Many studies have reported that bamboo, as a forest product, has potential for use as a biofuel, along with other woody plants [74, 9092]. Bamboo, because of the high amount of sugar, is known to be a suitable plant for a feedstock of chemical products, such as lactic acid and fuel ethanol [93]. It can also be used as biogas [94]. Bamboo, as a fast-growing plant with a high yield of lignocellulosic biomass in short time, is considered a good option for use as a biofuel [95], such as bioethanol, by the top holocellulose content (high dry weight of more than 70%) [74, 92, 93, 96]. Lignocelluloses have abundant sugar resources such as pentose and hexose and can be converted to fuel alcohol [97, 98]. Moreover, bamboo biomass has key characteristics such as low lignin and high cellulose contents and is known to be a suitable material for the production of bioethanol [99]; moreover, the possibility of obtaining bioethanol from the SPS hydrolysate of bamboo has been shown [100]. It has reported that there is a possibility of extracting 143 L of ethanol in each dry ton of bamboo [99]. On the other hand, the process of producing 1 kg ethanol requires 8.5 kg of sulfuric acid, 65.8 L of process water, and 6.2 kg of bamboo [100]. Additionally, because of important characteristics such as the alkali index and low ash content [101], bamboo can be a good alternative for other woody plants for biofuel purposes [102]. However, bamboos need pretreatments, such as an alkaline peroxide treatment to remove rigid lignin, which covers holocellulose components, and these pretreatments can also optimize enzymatic saccharification for the production of sugars [93]. On the other hand, bamboo culms are known as resources of bioenergy, which in one experiment, showed that young culms are suitable for bioconversion process [103]. Among biofuels, butanol is important because of the ability to produce higher energy without blending with gasoline and the ability to transport it in existing gasoline pipelines [104]. In addition, the energy content is higher than that of ethanol [105]. The results have shown the high temperature, acid concentration, and time can increase the sugar yield of bamboo, which is obtained by conversion of lignocellulosic biomass in bamboo species to butanol [106]. Generally, bamboo can be used as a biofuel and for bioenergy.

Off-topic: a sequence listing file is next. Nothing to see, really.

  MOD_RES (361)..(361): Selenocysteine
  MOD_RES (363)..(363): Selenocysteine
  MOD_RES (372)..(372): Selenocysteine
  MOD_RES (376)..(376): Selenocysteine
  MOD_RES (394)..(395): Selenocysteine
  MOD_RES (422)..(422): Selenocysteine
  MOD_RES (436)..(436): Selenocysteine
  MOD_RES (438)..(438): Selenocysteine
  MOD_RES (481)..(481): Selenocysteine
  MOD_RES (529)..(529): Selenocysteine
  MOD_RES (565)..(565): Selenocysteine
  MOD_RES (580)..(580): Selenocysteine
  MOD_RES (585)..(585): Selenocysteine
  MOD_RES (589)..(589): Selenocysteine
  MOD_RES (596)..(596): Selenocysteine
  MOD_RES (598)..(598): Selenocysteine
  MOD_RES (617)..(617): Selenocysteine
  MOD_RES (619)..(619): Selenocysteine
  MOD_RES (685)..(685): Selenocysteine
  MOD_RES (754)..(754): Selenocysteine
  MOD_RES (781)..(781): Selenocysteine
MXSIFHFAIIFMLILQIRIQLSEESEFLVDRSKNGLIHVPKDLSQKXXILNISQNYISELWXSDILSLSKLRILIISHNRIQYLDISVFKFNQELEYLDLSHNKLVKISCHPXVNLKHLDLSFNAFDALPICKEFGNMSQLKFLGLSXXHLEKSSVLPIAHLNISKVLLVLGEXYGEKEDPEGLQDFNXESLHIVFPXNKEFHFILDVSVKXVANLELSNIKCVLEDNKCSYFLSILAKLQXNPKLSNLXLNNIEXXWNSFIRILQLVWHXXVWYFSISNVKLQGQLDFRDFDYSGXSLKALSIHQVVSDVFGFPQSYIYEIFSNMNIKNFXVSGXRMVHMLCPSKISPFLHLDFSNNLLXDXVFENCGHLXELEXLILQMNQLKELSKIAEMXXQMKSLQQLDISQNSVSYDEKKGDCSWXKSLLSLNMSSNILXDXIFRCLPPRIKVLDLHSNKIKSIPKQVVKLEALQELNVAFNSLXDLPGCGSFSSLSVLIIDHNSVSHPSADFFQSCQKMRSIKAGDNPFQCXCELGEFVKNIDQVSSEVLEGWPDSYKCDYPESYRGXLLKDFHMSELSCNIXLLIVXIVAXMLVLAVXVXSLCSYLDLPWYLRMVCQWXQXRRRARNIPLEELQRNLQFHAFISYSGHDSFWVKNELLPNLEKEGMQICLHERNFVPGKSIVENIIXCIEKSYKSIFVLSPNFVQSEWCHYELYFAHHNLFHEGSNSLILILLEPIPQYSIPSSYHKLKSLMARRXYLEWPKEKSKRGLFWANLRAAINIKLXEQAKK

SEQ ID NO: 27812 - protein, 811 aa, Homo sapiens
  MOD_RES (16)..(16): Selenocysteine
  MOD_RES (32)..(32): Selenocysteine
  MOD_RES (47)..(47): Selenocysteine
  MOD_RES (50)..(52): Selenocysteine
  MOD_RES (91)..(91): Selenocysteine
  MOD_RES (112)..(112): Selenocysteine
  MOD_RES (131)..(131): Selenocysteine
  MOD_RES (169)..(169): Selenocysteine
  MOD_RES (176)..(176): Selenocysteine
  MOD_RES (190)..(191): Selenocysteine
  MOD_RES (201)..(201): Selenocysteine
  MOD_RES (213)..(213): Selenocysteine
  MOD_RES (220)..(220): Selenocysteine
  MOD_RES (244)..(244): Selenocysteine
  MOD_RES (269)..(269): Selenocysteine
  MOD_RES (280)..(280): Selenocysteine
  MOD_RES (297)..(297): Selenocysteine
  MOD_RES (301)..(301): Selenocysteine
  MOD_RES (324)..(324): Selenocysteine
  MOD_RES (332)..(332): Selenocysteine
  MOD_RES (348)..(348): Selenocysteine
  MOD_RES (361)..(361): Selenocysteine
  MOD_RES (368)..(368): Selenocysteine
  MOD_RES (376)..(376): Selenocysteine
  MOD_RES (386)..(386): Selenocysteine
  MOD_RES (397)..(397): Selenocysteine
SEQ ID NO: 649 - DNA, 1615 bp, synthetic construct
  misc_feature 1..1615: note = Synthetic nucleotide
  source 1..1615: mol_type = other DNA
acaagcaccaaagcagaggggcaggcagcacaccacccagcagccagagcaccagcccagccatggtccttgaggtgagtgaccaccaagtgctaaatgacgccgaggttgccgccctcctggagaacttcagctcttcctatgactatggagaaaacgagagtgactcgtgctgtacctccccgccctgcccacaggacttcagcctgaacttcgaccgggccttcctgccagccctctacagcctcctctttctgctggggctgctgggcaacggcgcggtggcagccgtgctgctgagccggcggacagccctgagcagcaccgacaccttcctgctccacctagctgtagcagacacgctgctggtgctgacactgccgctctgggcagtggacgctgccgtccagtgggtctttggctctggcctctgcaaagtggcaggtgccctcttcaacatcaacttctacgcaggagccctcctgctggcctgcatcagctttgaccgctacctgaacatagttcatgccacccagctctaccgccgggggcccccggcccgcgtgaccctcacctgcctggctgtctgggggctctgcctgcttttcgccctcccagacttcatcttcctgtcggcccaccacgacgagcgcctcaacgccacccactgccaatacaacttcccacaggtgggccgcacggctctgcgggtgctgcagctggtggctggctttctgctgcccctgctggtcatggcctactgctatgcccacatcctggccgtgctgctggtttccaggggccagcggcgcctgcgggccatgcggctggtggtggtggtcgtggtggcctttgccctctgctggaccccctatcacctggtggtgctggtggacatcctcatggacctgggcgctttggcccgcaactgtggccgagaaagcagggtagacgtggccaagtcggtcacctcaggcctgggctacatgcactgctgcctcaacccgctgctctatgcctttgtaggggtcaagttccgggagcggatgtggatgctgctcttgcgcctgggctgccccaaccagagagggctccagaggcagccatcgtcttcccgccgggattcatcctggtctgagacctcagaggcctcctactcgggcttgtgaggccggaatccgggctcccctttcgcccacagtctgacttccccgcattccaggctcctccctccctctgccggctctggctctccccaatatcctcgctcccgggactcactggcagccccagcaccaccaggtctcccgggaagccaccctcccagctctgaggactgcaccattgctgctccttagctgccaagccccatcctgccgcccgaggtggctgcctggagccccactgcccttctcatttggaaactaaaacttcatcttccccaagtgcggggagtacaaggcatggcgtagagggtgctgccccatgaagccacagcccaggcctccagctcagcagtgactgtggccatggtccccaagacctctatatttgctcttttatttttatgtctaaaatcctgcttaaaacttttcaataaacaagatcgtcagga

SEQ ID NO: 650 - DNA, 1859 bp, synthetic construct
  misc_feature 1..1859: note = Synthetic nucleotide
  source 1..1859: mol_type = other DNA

8. Bamboo Is Beautiful (Used in Architecture)